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I am trying to better understand when to properly release an object in a fairly memory intensive program. My current doubt arises from the following bit of code:

- (void)scrollViewDidScroll:(UIScrollView *)localScrollView
{
    InteractionPointModel *model = [[InteractionPointModel alloc] init];

    for (int x=0; x<totalInteractionPoints; x++) {

        model = [interactionPointData objectAtIndex:x];
        CGPoint oldCenter = model->worldLocation;
        CGPoint newCenter;
        newCenter.x = oldCenter.x * [localScrollView zoomScale];
        newCenter.y = oldCenter.y * [localScrollView zoomScale];
        [[interactionPoints objectAtIndex:x] setCenter:newCenter];
    }
    [model release];
}

I would have thought that the program was done with model by now, but it crashes upon release. If I don't release it, the program runs, but obviously with a memory leak. What am I doing wrong?

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I'm starting to feel that the problem arises with interactionPointData, since this method does not own it. Since I am pointing to it with model, will releasing model cause havoc upstream? –  diatrevolo Sep 15 '10 at 4:30

2 Answers 2

up vote 4 down vote accepted

The problem with your code is that you are leaking when you first enter on the loop.

InteractionPointModel *model = [[InteractionPointModel alloc] init];

The line above is allocating an object that won't be used.

model = [interactionPointData objectAtIndex:x];

The line above makes model point to a different object, and so, the previous value is not pointed anymore.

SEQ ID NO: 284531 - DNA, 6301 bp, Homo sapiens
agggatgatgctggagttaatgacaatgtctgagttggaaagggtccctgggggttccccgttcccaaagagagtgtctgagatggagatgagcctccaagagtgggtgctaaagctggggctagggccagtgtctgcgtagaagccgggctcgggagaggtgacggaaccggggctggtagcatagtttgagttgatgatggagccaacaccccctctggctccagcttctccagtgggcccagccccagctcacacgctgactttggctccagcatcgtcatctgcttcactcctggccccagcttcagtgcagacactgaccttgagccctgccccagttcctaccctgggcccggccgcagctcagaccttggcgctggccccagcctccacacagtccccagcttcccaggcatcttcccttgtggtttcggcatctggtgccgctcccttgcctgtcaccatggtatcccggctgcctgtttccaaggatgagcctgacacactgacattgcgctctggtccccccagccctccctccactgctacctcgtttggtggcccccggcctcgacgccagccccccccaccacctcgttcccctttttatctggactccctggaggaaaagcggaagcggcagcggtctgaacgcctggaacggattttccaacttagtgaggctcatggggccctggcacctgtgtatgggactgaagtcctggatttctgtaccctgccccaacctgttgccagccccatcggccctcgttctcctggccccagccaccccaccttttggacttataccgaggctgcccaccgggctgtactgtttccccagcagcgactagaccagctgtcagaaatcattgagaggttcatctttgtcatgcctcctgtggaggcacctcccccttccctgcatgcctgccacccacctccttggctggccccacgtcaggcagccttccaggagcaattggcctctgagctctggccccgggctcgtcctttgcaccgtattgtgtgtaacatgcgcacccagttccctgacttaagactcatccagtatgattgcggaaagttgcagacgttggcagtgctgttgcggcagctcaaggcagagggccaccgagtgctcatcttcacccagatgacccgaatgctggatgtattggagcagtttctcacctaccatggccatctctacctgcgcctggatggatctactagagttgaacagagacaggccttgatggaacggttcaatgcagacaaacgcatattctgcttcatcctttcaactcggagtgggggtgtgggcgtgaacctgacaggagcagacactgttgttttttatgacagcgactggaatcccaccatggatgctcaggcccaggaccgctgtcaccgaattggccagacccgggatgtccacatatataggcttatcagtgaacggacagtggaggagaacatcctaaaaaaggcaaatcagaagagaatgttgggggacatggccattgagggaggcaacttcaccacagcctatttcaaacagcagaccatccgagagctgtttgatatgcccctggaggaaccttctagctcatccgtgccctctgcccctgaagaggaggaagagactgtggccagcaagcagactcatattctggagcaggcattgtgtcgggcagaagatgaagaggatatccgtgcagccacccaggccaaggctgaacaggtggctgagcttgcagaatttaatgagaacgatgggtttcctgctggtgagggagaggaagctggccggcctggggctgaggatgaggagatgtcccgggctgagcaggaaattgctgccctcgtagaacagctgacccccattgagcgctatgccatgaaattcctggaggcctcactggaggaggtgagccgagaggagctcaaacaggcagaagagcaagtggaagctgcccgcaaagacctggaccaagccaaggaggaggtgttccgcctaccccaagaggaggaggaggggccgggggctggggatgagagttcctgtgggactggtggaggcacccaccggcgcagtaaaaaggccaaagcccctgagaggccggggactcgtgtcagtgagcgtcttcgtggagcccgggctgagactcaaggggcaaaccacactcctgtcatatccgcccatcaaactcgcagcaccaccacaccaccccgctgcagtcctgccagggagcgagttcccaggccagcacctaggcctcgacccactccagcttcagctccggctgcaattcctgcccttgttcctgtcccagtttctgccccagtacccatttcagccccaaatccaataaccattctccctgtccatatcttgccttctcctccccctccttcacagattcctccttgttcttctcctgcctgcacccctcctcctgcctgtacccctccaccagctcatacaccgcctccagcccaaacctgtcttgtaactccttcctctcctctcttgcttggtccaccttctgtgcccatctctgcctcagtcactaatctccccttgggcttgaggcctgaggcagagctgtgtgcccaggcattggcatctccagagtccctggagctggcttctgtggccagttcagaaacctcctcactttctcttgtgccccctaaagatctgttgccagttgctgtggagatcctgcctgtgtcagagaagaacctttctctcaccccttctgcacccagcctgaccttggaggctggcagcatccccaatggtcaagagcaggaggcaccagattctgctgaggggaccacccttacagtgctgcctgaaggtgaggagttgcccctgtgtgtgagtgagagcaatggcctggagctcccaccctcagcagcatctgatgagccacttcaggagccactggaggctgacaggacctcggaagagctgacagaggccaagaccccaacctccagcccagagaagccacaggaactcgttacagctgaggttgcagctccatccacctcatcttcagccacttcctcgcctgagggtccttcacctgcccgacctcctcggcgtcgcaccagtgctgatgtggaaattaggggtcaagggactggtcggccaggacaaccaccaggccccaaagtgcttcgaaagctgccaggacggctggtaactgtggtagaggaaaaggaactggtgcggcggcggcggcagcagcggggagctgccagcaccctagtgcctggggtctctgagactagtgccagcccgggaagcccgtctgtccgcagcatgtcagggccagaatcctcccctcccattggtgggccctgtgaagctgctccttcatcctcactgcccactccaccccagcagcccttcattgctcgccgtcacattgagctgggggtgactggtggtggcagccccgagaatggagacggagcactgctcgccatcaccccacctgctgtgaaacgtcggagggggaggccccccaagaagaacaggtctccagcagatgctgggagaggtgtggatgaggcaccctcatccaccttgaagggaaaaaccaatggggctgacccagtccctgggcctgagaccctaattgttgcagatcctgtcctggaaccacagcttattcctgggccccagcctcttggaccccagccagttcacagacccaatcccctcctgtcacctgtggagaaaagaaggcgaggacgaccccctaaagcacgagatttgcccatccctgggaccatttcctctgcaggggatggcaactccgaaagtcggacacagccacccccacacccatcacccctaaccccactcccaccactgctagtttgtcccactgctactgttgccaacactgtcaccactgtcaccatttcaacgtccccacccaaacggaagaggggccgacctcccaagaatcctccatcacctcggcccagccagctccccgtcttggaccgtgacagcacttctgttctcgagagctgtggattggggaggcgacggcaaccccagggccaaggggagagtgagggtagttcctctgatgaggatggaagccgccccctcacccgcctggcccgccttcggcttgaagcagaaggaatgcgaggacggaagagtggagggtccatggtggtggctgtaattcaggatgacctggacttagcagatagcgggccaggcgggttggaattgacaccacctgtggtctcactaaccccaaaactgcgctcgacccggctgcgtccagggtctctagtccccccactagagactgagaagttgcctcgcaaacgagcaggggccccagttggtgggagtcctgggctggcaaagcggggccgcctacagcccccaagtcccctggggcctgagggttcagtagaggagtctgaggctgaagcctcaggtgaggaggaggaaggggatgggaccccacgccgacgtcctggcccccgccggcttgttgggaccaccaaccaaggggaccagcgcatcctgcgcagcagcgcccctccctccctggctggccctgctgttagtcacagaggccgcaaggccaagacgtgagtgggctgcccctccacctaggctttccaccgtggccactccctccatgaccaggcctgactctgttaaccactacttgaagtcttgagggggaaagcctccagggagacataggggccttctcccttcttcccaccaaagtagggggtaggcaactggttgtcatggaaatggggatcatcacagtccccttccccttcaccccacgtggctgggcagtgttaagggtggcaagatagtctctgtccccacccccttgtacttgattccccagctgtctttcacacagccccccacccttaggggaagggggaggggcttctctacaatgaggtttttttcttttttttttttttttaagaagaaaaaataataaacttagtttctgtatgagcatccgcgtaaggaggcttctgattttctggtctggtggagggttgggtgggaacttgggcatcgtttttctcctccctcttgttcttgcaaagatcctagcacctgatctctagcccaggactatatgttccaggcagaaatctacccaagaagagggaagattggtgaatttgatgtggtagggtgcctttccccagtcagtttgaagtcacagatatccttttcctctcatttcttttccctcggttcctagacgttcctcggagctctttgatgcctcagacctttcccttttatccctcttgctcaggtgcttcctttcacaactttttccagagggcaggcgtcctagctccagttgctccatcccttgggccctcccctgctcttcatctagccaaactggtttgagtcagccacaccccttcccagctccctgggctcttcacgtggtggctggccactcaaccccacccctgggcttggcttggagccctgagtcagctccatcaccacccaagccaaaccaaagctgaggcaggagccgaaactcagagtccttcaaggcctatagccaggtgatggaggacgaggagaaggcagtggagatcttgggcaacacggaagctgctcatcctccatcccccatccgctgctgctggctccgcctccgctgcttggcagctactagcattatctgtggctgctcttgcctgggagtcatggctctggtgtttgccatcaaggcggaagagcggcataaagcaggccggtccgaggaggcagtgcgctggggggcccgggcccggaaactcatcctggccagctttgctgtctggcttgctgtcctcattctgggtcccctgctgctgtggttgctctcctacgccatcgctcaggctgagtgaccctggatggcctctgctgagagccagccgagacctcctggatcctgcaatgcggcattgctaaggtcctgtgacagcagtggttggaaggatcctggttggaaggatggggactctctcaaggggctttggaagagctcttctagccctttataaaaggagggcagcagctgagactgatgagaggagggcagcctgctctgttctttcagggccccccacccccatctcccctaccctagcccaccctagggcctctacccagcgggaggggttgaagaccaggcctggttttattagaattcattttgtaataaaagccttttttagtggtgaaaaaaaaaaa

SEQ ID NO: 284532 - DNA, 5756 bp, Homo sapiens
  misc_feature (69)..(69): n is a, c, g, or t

[model release];

You get the crash when releasing because you are releasing a value that you don't own. When you get at release, if you enter on the loop, at least once, model is pointing to the last object of the array interactionPointData.

To fix your code, you need only to remove the wrong memory management.

- (void)scrollViewDidScroll:(UIScrollView *)localScrollView {
    InteractionPointModel *model = nil;
    for (int x=0; x<totalInteractionPoints; x++) {
        model = [interactionPointData objectAtIndex:x];
        CGPoint oldCenter = model->worldLocation;
        CGPoint newCenter;
        newCenter.x = oldCenter.x * [localScrollView zoomScale];
        newCenter.y = oldCenter.y * [localScrollView zoomScale];
        [[interactionPoints objectAtIndex:x] setCenter:newCenter];
    }
}
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Makes perfect sense, thank you so much. –  diatrevolo Sep 15 '10 at 4:39

You seem to be replacing a newly-allocated InteractionPointModel object with an existing one in your interactionPointData array. At the end of the method, after the loop, you're attempting to release what I suspect is an autoreleased object (coming from the array) as you say in your comment, an object from the array that you don't own, which causes the crash.

If you don't release it, the leak is caused by the newly-allocated object that you initialized at the beginning, which is no longer accessible because you've changed model to point to objects in the array.

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Yes, this is what I suspect, upon further inspection. Thank you, this definitely gives me an idea of where to seek out the problem! –  diatrevolo Sep 15 '10 at 4:32

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